The GMC: expediency before principleBMJ 2005; 330 doi: https://doi.org/10.1136/bmj.330.7485.254 (Published 27 January 2005) Cite this as: BMJ 2005;330:254
Summary of responses
EDITOR—The three articles discussing the forensic examination of the General Medical Council conducted by Dame Janet Smith as part of her inquiry into the issues arising from the case of general practitioner Harold Shipman sparked considerable controversy.1–3
Most respondents focused on the GMC rather than the report, although some took issue with the suggestion of having more medical members appointed than elected to the council. Another worry was that the conflict was playing into the government's and Department of Health's hands and becoming politicised, to the detriment of the medical profession.
One strand of the debate was whether the remit of the GMC should in fact be protecting patients (in addition to regulating doctors). Sufficiently strong self regulation would arguably protect patients, which would, in turn, protect doctors. Mostly, however, the GMC was severely criticised. Anecdotal examples of the GMC's conduct, especially towards those who expressed criticism of it, were numerous.
Several correspondents were in favour of some sort of revalidation system, and the GMC president, Graeme Catto, invited suggestions for refining the revalidation procedures. Numerous doctors pointed out that the atmosphere in the wake of revalidation was threatening and mistrustful and not in any way congenial to good medical practice or a happy professional life. One argued that the council has not acknowledged all the revisions and improvements that have happened in medical training, and the plans for revalidation are therefore bureaucratic and vague.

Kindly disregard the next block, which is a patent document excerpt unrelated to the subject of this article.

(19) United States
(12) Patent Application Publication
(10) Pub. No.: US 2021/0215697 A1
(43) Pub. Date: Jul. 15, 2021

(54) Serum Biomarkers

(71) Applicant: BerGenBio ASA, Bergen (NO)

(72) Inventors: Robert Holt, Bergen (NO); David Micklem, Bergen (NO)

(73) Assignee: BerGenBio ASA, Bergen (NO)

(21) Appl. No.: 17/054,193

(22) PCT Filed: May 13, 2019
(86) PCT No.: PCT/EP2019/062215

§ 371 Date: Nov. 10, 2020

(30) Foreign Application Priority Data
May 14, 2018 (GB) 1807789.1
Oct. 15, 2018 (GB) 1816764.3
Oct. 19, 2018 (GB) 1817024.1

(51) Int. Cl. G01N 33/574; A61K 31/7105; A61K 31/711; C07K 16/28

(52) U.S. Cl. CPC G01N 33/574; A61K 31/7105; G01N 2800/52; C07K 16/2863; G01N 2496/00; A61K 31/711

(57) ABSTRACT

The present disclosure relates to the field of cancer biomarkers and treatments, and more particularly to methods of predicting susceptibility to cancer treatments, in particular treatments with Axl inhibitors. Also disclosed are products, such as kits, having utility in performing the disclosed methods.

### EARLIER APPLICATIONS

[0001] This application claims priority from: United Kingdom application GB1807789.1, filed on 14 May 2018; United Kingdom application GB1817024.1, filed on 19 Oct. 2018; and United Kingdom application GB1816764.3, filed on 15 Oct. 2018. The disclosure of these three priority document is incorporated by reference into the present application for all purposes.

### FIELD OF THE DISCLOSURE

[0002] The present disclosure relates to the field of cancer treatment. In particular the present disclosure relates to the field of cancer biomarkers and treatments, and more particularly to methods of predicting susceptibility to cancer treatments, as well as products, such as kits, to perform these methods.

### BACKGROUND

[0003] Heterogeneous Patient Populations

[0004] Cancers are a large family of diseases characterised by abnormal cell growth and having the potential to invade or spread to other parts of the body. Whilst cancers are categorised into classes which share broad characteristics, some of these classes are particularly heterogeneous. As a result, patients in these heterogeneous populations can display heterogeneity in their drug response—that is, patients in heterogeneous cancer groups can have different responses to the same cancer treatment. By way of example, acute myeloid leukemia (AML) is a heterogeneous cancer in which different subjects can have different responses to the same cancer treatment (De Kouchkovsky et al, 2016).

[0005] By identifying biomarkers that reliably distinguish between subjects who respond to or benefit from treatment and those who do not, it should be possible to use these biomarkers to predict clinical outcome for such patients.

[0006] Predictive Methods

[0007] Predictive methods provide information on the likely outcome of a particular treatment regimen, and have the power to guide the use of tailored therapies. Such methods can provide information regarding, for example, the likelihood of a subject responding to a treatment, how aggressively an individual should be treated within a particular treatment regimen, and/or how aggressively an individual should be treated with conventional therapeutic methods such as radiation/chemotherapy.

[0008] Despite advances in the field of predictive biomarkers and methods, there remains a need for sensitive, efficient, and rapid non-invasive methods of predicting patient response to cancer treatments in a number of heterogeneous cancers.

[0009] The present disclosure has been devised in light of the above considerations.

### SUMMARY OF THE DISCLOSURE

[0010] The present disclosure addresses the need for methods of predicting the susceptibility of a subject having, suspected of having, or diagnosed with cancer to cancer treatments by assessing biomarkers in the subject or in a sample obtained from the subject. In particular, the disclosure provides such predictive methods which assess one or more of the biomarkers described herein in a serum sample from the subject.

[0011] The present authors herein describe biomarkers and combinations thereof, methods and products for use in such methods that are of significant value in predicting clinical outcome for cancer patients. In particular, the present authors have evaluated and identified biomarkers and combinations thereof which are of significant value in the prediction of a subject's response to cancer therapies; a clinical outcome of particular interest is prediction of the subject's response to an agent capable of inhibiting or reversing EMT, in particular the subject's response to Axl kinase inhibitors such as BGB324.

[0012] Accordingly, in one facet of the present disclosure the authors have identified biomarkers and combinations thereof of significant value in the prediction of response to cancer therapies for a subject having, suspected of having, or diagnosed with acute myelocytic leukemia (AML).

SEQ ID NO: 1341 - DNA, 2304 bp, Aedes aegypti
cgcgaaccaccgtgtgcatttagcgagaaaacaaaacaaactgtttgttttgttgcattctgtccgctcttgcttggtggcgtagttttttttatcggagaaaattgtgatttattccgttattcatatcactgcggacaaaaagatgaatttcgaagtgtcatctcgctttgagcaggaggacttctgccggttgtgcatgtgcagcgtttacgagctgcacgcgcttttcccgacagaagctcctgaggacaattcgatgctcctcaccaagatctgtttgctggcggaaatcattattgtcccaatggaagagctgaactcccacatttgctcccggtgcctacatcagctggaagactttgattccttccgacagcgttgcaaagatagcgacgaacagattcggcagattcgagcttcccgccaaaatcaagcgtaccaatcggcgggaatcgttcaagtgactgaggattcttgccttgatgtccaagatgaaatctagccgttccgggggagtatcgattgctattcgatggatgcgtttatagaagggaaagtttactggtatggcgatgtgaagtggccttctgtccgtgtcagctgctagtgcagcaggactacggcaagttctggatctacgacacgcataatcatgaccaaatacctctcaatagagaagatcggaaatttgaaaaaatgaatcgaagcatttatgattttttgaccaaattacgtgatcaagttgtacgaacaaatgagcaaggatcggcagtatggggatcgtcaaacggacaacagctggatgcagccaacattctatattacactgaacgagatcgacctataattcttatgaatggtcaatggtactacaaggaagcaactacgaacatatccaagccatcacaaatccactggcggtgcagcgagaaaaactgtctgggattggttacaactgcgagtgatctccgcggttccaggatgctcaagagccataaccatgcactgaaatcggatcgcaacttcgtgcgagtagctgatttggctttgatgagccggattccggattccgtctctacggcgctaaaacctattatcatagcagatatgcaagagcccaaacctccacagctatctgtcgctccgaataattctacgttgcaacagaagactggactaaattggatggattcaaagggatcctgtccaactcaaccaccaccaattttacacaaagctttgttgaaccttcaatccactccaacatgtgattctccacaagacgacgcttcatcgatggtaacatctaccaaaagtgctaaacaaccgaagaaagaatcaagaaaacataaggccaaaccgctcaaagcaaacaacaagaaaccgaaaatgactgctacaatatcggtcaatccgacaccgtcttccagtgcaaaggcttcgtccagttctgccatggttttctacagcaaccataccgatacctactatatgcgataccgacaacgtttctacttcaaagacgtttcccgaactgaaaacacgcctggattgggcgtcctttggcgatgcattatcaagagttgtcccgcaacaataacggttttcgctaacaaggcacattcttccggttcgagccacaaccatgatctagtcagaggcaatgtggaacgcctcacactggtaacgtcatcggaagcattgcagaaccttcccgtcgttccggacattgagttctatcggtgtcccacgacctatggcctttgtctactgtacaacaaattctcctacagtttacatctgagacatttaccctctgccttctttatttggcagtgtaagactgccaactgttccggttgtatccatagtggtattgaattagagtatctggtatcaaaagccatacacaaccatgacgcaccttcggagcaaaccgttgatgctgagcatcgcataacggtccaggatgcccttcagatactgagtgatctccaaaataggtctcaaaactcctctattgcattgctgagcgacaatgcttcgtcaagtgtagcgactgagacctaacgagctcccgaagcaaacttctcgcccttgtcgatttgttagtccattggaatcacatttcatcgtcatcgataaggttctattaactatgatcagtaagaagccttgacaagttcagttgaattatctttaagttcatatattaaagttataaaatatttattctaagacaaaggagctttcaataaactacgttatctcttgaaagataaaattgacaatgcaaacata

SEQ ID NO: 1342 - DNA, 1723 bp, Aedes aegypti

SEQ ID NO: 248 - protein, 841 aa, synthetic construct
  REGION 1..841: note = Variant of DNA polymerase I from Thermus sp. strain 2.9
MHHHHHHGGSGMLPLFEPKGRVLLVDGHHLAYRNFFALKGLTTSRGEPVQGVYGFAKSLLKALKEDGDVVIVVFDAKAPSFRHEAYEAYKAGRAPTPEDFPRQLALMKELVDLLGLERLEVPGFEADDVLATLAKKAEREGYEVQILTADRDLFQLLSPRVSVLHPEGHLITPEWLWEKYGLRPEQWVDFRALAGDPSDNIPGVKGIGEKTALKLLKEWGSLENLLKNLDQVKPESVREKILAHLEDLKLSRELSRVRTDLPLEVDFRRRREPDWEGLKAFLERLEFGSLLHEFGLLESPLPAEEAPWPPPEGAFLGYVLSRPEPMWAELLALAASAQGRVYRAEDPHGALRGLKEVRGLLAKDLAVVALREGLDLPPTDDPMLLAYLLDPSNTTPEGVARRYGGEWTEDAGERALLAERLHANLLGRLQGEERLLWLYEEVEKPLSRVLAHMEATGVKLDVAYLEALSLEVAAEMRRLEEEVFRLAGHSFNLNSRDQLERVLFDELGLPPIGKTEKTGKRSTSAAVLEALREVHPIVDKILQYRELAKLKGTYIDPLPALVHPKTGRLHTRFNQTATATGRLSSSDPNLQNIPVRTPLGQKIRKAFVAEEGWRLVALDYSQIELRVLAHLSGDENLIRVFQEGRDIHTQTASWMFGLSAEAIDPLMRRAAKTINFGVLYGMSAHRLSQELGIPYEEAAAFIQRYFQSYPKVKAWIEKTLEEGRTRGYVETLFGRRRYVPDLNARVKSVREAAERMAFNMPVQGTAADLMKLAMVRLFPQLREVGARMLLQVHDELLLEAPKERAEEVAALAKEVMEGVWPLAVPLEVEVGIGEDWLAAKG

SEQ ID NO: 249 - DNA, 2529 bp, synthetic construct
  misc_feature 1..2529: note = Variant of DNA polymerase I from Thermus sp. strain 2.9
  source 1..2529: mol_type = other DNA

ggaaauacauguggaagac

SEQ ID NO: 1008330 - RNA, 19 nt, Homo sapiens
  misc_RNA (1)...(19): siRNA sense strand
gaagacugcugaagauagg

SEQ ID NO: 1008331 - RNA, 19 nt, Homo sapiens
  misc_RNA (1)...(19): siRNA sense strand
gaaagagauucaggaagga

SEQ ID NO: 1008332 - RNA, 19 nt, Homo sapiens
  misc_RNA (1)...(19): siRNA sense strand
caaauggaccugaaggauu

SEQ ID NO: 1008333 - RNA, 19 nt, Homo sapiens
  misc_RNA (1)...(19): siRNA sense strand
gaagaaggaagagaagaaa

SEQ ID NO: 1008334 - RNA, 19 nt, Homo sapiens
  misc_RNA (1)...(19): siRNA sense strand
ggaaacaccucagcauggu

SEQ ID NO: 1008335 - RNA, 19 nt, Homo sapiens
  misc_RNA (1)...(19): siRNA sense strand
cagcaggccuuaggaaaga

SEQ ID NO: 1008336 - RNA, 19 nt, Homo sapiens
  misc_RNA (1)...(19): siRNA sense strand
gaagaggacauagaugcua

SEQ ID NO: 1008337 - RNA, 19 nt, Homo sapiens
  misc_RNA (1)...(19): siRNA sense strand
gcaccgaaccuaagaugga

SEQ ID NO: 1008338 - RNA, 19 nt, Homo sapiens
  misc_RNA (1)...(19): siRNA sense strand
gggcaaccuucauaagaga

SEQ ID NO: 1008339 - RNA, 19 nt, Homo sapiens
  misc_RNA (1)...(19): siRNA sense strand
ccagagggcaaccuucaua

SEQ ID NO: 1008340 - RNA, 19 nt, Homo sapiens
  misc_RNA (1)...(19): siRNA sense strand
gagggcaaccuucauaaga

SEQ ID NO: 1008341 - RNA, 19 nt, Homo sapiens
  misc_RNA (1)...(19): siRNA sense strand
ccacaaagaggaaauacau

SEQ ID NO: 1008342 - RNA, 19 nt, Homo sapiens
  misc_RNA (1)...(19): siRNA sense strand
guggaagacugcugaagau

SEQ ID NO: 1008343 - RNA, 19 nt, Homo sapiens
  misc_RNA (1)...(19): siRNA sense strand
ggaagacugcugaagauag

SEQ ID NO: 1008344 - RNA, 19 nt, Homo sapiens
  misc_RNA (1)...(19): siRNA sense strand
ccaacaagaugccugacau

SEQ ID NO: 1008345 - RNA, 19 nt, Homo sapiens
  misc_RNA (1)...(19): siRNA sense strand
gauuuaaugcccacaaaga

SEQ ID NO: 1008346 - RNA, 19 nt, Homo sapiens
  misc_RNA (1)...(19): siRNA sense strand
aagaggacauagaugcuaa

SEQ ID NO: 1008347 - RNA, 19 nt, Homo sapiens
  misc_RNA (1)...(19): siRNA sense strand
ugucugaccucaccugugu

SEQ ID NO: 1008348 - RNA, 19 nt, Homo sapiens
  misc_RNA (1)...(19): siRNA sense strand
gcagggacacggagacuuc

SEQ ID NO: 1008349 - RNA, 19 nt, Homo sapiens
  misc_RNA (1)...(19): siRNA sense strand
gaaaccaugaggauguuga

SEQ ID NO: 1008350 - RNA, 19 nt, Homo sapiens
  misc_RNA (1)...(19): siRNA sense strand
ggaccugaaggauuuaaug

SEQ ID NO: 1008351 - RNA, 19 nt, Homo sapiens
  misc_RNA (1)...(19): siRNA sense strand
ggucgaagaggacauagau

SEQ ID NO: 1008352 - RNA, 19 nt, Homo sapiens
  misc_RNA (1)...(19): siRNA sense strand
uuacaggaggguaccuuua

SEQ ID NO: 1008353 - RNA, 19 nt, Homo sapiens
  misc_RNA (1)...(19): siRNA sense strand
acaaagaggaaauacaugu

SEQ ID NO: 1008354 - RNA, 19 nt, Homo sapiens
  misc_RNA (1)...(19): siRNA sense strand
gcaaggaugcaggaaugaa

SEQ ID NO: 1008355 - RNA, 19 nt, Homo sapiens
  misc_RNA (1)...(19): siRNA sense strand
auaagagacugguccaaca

The GMC was perceived as having lost the trust of the public and the professionals it regulates. Must it be staffed by doctors or could it be staffed by other types of professionals—“inspectors,” even?
The belief underlying most responses was that the GMC rather than the workforce it regulates is in need of reform. But expediency before principle is common because to think that no patient will ever be harmed by a doctor's incompetence is pretending. It comes down to whether the profession wants to keep the privilege of regulating itself or give it up, a way forward favoured by some. However, as one general practitioner in Leeds concludes, there will always be Shipmans—no matter what regulatory processes are in place.
Competing interests None declared.
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